JTT | Painting Your Optics

January 30, 2018  
Categories: Learnin'

JTT: Painting Your Optics

If you’ve been following me on social media, you know I’m a huge fan of rattlecanned rifles. It’s a great solution for those who want to customize the look of their weapon. I’ve done a few, and they turned out great. Really, the hardest thing about painting your rifle is actually committing to painting your rifle.

For those on the fence, I recommend you start on something small. Today I’ll go over a small, simple project of rattlecanning an optic. My friend Sean McCauley of Cloud Defensive knew I needed some glass for my SCAR 17, so he sent me a well-used Vortex Viper PST 1-4×24 optic that needed a new home, along with a BoBro Engineering mount.

Sean runs his guns hard, and it shows. The Viper’s exterior was beaten up pretty good but the glass was still in perfect condition and clean. A new paint jowas beatengive it a fresh look, and you know me, it had to be FDE.


-Paint Cans. I use Rustoleum Camouflage because it’s inexpensive and available at Home Depot.

-Masking Tape. You can use any kind of tape, but masking tape is the easiest to use and doesn’t leave residue behind.

-Pattern stencils. I like to use camo netting to get a scale-like pattern. You can use virtually anything like leaves, etc.

That’s all you really need, so let’s get started!

I break the entire process into three phases: Preparation, Painting and Drying. This is the same for painting anything.


Start with cleaning; wipe down the surface to take off dirt, dust, oil residue from your fingers, etc., and keep it from interfering with the paint making contact with the surface. You can wipe it all down with a cloth soaked with rubbing alcohol if you like, but it’s not necessary.

Next is taping off with masking tape. This is very important; you don’t want paint in critical areas. In this case, for the optic, the critical areas are obviously the lenses. Other areas I tape off are the numbers on the dials, a fiber optic indicator for magnication level, the serial number in case it needs warranty work, and the bottom contact area of the BoBro mount where it attaches to the picatinny rail.


Find a good platform to place the item. If you can hang it, great. If you can’t, that’s fine too. Ideally you’d want at least a table height if possible.

Now the best technique is to shoot short bursts from about twelve inches away.

I started with the base layer. It’s best to use the lightest color you have and apply a light coat (for this optic I used a light sand color). The key is to have many light coats, letting each one dry before applying the next, and hitting all the angles from high and low. Once the initial coat was dry enough, after I waited at least fifteen minutes, I carefully picked it up from the masking tape areas and flipped it over on its side to spray the bottom half.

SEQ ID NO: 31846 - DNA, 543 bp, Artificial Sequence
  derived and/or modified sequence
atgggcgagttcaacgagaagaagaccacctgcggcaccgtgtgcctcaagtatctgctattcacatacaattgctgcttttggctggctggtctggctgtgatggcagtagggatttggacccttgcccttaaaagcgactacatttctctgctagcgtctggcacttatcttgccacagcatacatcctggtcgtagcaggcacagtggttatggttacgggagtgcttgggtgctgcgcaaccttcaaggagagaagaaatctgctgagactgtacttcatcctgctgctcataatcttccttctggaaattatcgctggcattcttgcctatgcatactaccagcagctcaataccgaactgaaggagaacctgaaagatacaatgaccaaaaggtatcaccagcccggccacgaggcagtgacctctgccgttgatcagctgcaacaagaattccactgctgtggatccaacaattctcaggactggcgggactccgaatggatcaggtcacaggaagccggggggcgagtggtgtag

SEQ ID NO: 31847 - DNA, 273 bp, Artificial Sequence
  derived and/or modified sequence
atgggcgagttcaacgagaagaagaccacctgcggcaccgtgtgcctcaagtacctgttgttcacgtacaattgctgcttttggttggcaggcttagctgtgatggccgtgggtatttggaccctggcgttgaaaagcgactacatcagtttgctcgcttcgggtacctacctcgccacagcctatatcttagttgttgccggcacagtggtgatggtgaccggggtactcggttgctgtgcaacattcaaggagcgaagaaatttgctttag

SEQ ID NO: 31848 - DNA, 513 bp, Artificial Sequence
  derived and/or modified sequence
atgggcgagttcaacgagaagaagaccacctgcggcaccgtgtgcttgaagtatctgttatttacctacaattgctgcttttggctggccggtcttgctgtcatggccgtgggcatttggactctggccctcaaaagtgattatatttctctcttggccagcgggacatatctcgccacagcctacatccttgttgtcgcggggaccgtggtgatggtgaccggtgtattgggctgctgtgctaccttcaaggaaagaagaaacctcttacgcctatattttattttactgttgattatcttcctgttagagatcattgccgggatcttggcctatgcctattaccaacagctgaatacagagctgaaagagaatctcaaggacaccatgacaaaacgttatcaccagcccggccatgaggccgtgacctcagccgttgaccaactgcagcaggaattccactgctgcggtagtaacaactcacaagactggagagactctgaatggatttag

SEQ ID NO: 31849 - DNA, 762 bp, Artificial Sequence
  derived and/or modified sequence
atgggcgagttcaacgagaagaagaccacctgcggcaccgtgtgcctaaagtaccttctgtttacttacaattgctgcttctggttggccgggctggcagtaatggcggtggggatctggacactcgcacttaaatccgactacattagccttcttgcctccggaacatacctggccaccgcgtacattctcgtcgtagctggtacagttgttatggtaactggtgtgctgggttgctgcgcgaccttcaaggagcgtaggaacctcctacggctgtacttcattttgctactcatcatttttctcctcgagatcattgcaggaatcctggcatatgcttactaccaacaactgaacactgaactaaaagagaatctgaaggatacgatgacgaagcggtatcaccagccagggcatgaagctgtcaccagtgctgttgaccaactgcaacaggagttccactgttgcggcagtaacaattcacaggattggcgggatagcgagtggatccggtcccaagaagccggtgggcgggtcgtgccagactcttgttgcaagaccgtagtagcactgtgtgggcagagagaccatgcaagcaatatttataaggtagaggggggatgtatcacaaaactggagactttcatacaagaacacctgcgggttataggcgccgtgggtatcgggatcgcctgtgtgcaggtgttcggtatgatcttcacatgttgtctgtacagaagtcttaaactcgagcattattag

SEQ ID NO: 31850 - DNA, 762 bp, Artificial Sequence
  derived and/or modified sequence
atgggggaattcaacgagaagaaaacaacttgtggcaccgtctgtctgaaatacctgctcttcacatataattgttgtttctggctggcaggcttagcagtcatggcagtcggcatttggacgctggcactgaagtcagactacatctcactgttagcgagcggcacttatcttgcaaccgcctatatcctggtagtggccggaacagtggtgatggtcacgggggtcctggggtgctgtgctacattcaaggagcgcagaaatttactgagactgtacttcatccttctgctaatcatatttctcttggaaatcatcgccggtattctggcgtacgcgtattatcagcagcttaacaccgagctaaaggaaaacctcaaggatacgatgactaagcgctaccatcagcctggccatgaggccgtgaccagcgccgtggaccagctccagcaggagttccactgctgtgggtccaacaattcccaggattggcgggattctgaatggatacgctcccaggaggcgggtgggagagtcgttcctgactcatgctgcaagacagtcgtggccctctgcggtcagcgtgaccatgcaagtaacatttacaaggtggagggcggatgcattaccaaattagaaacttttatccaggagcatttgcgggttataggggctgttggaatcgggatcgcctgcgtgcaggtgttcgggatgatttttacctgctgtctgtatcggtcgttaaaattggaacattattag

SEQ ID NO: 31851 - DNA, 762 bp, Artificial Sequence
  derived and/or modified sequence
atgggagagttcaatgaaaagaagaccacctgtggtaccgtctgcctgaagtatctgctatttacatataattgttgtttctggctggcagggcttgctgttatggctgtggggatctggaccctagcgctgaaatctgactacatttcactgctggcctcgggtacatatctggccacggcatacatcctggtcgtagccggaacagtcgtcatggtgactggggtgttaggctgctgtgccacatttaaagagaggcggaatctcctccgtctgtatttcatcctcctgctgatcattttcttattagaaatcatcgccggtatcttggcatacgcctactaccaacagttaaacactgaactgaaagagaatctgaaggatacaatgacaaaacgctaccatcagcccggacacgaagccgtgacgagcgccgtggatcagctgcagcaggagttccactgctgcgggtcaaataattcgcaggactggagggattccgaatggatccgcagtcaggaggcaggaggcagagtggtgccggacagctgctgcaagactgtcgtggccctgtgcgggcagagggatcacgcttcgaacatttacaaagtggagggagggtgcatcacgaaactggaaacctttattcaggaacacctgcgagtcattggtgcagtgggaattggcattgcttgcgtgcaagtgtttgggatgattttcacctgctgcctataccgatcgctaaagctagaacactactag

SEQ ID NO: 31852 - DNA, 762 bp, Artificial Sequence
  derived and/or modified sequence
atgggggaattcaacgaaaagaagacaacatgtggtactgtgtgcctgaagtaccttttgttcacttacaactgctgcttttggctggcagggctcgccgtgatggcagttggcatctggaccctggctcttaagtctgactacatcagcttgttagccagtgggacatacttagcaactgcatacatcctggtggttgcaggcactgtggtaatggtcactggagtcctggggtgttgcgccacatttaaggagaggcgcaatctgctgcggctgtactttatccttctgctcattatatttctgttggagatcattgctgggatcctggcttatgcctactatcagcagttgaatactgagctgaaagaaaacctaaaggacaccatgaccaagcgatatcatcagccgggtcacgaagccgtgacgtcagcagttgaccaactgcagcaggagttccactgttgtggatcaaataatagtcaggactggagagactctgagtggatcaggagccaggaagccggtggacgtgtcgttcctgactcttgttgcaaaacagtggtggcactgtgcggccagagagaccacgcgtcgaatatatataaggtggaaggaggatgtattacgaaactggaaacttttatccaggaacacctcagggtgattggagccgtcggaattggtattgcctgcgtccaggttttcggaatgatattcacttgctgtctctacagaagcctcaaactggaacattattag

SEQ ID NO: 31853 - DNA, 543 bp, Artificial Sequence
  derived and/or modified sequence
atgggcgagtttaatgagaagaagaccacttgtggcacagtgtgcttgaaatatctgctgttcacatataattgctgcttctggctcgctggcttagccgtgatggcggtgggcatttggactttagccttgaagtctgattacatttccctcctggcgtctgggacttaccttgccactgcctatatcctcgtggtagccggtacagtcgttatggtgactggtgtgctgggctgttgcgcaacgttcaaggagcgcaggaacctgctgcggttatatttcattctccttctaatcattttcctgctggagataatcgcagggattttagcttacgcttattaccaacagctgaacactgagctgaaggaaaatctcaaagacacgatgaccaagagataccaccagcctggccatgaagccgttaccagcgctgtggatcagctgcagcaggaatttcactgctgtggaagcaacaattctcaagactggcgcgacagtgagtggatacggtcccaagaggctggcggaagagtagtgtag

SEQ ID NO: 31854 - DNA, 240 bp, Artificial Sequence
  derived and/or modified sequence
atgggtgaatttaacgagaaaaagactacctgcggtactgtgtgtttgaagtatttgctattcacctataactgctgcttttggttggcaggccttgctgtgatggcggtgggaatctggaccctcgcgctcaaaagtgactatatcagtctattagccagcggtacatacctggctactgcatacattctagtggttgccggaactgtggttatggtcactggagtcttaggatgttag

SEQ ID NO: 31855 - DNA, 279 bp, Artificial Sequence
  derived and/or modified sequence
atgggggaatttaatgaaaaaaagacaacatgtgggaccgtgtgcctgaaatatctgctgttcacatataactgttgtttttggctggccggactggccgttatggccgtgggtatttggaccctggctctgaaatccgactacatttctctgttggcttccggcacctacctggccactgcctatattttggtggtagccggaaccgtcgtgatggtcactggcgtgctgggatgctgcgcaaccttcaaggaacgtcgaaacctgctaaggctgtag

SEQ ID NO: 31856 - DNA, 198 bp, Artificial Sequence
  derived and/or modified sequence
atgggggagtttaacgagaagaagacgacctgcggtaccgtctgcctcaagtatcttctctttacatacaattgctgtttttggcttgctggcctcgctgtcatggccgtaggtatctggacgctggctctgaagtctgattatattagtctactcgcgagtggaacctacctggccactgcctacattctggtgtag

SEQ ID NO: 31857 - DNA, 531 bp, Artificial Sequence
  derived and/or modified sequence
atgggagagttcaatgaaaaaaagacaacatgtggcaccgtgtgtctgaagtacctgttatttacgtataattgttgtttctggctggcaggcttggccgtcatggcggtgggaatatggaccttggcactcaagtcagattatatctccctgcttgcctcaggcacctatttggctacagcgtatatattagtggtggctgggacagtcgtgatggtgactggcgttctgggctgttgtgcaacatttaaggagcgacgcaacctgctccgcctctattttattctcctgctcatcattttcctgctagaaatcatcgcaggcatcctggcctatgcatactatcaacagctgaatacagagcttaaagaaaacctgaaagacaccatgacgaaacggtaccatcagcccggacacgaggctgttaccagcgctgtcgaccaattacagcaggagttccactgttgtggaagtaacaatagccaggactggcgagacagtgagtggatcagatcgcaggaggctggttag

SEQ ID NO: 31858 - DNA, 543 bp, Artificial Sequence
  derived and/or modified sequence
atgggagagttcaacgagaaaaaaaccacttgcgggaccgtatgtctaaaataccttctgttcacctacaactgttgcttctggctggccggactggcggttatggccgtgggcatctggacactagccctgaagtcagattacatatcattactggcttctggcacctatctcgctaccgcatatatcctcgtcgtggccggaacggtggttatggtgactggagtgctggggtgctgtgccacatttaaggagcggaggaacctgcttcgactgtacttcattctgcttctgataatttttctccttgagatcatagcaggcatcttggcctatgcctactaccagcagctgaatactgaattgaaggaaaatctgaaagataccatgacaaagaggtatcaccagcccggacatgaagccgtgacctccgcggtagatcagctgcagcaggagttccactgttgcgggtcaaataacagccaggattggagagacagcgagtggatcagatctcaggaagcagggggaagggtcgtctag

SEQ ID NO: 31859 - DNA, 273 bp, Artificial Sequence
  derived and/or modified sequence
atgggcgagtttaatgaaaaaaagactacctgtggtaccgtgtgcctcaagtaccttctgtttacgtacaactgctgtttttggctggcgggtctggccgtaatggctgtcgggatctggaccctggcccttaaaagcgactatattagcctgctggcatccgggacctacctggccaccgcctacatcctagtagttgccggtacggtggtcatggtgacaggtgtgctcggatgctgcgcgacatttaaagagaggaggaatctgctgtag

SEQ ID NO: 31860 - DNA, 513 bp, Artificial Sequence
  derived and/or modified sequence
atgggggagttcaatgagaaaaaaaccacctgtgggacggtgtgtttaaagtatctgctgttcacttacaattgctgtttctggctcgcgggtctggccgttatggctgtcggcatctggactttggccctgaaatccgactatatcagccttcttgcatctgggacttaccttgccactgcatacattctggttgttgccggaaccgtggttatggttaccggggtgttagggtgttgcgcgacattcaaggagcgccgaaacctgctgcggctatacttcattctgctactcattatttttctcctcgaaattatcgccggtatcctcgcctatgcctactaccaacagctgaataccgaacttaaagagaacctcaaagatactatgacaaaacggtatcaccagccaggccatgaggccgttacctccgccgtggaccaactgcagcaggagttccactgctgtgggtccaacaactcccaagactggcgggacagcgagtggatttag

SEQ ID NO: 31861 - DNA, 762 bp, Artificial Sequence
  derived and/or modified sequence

Keep in mind that I was doing all of the painting at night with the scarce amount of spare time in my schedule. I would normally take much more time letting each coat dry, but time is not a luxury I have at the moment. Plus I’m impatient as hell, and wanted to see how this would turn out.

So I moved onto the next color, light brown. I wrapped the scope as tightly as I could and started to spray lines in a random fashion. Having the netting or stencil close to the surface gives you more definition rather than having it loose. I repeated this process by moving the scope and replacing the netting until I got the desired effect.

I then moved on to the third color, dark brown, and again I used the netting. I thought I went a bit overboard with the dark brown so I went back with the light sand color, something I’ve never done before. It started looking off to me, so I had to overlap back and forth between light sand and light brown until it started to look right. After a bunch of extra light coats, I felt like Goldilocks because it was just right.

This is what they call Rattlecan Magic. It’s an art form that takes practice and experience.


This part is crucial and tedious, but I stuck with it. I threw the Viper into a closet so it wouldn’t get touched by anyone. I left it overnight and didn’t do anything until I got home from work the next day. Once I got the chance, I slowly started to remove each piece of masking tape. I couldn’t be happier with the result. It came out looking Burnt Bronze, almost the same finish as standard Razor optics but with some unique camo patterns.

As you can see, there’s not much to it. Some paint will rub off from use, but that just means you actually use your firearms, so it adds character. If you want something more permanent go with a qualified Cerakote applicator, but expect to spend some money. Like I said at the beginning, start small before you spray your whole rifle.

Good luck with your projects and tag me in your pictures. I always like to see what everyone comes up with.

If you want to read up on how I did my rifle, go here.


Tango Yankee Chip

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Fifty Shades of FDE

Fifty Shades of FDE

About the Author

Fifty Shades of FDE is a full-time LEO in California with about a decade's service in a very large metropolitan agency. He’s a husband, father and firearms enthusiast. He is a supporter of the Second Amendment and a proponent of law abiding citizens’ right to defend themselves with concealed carry permits. He runs his @fiftyshadesofFDE page on Instagram and writes gun/gear reviews on www.fiftyshadesoffde.com - when he's not writing for Breach-Bang-Clear, of course.


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